What Women Can Learn From Men About ‘Me Time’

I asked the question about leisure time again and again while reporting this column, mostly to working mothers and fathers, and was greeted with laughter, sighs and the occasional expletive.
I asked the question about leisure time again and again while reporting this column, mostly to working mothers and fathers, and was greeted with laughter, sighs and the occasional expletive.


  • What Women Can Learn From Men About ‘Me Time’

Make an inventory of your life. Subtract the work, the errands, the cleaning. If you have kids, take away the parts of parenting that feel like drudgery. How much time is left for the things you actually want to do?

Zero, one mother of two young kids outside Erie, Pa., told me flatly.

I asked the question about leisure time again and again while reporting this column, mostly to working mothers and fathers, and was greeted with laughter, sighs and the occasional expletive.

“There is this constant doing," especially for women, says Cassie Holmes, a business professor at the University of California, Los Angeles who studies the relationship between time and happiness.

It’s no wonder so many Americans feel “time poor," as Holmes describes it. Work consumes much of our days. The real and imaginary pressures of parenting fill in the cracks. We miss sharing a languorous drink with friends, painting (even if it’s just a kit from the craft store), practicing the violin and camping, according to workers I talked to.

Me-time for men

Working moms might be having the least fun. Even in marriages where women bring in similar income to their husbands, men still spend about 3.5 more hours a week on leisure activities, according to a recent study from Pew Research Center.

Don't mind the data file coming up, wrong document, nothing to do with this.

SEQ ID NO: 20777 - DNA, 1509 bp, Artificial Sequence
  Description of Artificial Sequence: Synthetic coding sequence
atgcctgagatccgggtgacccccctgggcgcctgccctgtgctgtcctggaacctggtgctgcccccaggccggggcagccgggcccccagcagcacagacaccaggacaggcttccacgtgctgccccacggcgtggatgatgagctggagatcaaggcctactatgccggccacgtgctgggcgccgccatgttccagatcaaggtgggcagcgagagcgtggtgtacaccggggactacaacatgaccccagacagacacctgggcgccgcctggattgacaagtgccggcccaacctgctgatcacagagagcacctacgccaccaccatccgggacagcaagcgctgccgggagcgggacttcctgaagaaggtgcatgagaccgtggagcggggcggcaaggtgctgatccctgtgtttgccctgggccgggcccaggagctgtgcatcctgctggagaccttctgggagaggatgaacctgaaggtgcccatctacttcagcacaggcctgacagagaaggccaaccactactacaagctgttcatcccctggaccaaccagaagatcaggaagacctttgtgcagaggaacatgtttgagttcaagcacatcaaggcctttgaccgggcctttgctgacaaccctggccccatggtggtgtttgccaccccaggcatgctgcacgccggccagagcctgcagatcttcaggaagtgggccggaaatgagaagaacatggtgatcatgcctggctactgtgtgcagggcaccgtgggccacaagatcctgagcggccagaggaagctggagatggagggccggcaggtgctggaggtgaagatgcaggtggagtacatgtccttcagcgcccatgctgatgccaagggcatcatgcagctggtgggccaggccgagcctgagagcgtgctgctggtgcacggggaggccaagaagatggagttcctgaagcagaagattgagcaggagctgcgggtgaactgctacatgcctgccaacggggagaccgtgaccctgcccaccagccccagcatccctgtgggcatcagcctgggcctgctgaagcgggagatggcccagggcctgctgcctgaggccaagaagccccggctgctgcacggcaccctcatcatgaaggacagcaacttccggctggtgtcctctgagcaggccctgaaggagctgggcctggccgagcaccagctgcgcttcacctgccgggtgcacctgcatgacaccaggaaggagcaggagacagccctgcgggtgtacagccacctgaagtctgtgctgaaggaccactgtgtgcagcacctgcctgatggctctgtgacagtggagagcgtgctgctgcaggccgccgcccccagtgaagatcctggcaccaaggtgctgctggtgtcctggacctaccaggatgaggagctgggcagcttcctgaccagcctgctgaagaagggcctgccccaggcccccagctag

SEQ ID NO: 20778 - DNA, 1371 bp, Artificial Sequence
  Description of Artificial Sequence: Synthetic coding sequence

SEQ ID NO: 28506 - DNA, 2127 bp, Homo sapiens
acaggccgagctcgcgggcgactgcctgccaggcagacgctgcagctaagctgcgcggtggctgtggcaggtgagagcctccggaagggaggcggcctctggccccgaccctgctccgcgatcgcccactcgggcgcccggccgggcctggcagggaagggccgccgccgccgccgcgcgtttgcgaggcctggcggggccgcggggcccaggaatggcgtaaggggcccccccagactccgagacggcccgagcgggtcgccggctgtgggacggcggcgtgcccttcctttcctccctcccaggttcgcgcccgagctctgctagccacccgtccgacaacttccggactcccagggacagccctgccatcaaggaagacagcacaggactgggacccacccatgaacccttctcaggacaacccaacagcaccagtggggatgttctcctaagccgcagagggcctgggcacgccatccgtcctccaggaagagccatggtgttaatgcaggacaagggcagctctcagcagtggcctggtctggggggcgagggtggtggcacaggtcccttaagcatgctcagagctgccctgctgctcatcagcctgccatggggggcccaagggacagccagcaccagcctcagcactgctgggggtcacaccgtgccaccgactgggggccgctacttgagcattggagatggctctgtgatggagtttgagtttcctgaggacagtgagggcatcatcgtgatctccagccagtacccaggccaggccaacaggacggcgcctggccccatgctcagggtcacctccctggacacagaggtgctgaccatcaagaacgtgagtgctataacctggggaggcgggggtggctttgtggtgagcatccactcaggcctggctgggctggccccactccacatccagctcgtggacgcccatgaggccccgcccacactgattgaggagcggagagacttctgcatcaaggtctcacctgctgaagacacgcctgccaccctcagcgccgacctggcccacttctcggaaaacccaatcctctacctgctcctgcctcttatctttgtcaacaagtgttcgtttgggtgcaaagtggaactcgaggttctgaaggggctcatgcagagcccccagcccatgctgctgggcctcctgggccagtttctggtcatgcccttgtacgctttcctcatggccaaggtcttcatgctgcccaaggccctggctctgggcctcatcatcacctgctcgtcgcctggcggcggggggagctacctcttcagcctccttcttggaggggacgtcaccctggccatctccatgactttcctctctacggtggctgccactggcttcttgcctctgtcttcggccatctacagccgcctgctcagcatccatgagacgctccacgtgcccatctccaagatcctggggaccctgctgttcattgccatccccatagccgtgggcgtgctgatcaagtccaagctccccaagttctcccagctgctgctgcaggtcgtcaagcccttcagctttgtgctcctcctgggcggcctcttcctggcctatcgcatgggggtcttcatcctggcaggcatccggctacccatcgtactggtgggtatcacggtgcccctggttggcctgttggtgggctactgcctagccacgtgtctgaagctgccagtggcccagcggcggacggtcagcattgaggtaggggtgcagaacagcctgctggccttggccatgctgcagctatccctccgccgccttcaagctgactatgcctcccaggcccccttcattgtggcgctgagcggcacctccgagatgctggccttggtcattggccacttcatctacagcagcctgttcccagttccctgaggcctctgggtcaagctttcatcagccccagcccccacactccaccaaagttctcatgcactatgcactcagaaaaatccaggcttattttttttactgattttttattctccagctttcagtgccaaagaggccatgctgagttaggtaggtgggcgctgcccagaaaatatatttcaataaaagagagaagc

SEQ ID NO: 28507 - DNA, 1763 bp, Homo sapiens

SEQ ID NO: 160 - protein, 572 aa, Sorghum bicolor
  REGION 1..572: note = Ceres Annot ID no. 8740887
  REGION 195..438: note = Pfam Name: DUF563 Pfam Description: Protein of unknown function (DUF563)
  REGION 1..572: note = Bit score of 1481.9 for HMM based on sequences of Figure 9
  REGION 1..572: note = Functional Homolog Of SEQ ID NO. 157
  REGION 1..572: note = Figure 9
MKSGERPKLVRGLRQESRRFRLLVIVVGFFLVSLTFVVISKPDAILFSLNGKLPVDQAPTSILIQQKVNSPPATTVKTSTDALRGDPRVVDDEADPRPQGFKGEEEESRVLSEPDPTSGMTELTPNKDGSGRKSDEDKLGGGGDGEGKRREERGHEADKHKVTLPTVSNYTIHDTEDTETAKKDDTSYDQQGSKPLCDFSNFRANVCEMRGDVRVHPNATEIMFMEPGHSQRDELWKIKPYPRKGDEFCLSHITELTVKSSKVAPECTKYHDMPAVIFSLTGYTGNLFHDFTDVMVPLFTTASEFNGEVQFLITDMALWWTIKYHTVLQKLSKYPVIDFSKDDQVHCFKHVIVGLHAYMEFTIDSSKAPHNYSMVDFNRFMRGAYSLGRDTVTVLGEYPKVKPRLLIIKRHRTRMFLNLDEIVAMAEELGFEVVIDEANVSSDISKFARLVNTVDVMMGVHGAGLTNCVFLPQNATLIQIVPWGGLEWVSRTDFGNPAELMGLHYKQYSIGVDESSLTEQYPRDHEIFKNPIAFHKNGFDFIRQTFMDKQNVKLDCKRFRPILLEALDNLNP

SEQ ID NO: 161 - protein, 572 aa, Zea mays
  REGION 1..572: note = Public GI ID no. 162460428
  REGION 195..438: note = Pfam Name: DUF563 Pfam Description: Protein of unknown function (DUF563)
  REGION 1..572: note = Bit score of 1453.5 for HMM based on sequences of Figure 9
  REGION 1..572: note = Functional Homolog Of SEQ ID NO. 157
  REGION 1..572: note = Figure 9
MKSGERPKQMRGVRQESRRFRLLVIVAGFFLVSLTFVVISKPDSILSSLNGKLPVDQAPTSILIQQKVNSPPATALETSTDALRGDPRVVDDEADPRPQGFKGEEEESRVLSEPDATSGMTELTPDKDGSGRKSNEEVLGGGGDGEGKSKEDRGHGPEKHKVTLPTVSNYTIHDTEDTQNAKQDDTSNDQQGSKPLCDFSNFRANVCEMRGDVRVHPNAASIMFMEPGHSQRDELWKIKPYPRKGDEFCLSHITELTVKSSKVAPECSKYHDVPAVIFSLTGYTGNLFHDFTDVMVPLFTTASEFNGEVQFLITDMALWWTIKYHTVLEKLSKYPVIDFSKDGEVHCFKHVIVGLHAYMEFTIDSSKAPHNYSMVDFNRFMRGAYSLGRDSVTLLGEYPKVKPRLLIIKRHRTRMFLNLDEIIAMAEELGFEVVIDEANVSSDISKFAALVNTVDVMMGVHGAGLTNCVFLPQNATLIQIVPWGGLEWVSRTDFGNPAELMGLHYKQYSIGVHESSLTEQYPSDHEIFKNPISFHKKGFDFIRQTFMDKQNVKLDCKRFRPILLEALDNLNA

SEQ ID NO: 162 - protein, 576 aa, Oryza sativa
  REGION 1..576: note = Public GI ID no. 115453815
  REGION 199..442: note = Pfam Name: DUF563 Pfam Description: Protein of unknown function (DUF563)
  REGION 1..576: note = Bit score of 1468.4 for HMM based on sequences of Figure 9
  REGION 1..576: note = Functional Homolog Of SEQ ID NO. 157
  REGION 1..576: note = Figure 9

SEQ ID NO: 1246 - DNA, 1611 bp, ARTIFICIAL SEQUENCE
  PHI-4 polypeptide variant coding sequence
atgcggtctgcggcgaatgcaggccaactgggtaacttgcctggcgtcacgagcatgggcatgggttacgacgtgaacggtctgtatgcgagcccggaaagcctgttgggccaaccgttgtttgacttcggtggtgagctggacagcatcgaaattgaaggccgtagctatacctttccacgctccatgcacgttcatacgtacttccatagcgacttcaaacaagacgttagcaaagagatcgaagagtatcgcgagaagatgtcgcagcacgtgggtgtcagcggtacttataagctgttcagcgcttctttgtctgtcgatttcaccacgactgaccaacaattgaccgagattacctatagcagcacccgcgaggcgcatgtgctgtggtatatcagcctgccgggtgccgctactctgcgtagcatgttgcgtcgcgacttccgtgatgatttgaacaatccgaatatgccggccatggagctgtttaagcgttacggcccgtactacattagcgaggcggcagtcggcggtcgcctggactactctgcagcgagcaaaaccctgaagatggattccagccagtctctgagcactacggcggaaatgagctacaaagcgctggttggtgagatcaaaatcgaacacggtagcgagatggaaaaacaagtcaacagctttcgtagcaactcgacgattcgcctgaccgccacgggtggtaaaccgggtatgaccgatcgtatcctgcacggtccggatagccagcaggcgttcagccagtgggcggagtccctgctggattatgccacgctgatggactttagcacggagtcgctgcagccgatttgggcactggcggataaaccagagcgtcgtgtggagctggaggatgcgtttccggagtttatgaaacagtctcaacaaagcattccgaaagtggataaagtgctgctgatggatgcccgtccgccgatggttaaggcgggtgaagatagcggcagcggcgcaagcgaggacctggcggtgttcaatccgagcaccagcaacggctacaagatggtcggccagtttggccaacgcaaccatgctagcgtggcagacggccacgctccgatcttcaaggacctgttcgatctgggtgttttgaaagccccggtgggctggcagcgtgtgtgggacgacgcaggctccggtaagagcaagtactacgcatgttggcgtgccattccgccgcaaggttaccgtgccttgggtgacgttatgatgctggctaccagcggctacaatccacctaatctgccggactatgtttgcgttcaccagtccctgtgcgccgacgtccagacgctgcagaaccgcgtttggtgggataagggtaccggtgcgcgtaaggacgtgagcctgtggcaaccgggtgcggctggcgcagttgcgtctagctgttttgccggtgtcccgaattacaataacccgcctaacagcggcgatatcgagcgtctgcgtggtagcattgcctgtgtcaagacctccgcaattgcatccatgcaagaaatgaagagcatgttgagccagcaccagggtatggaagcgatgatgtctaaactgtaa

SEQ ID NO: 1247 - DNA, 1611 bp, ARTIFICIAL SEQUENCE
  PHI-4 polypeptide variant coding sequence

“When I go, I go," says Stephen McCabe, who heads out for hourlong mountain-biking sessions in Asheville, N.C., three times a week. The 48-year-old engineer sees that his wife, Melissa McCabe, is less likely to allow herself time to destress or play, and he feels guilty about it, he told me.

“I can go through a day and think, you know what? I’ve completed everything I want to do in a day, and I still feel like I have time left over," he says. “I never see her going to bed feeling that way."

Holmes’s research finds that people who have less than two hours of free time per day are less happy. (So are those who spend more than five hours daily on unproductive leisure pursuits, like scrolling Instagram.)

Melissa, the general manager of an education-software company, says she’s trying to carve out more me-time. She started going to yoga and taking naps. She stopped folding socks for her family of five.

“I want that hour. I want that hour for something else," she says.

Take back your time

It’s time for us to take back our time. Without it, we get resentful and jealous of our partners, says Shawna Samuel, a leadership coach and former financial-services director. She works with female managers so focused on productivity they can only conceive of leisure time as a self-improvement project. Reserving afternoons to learn to code, or sipping a glass of wine while simultaneously networking: acceptable. Anything else feels frivolous.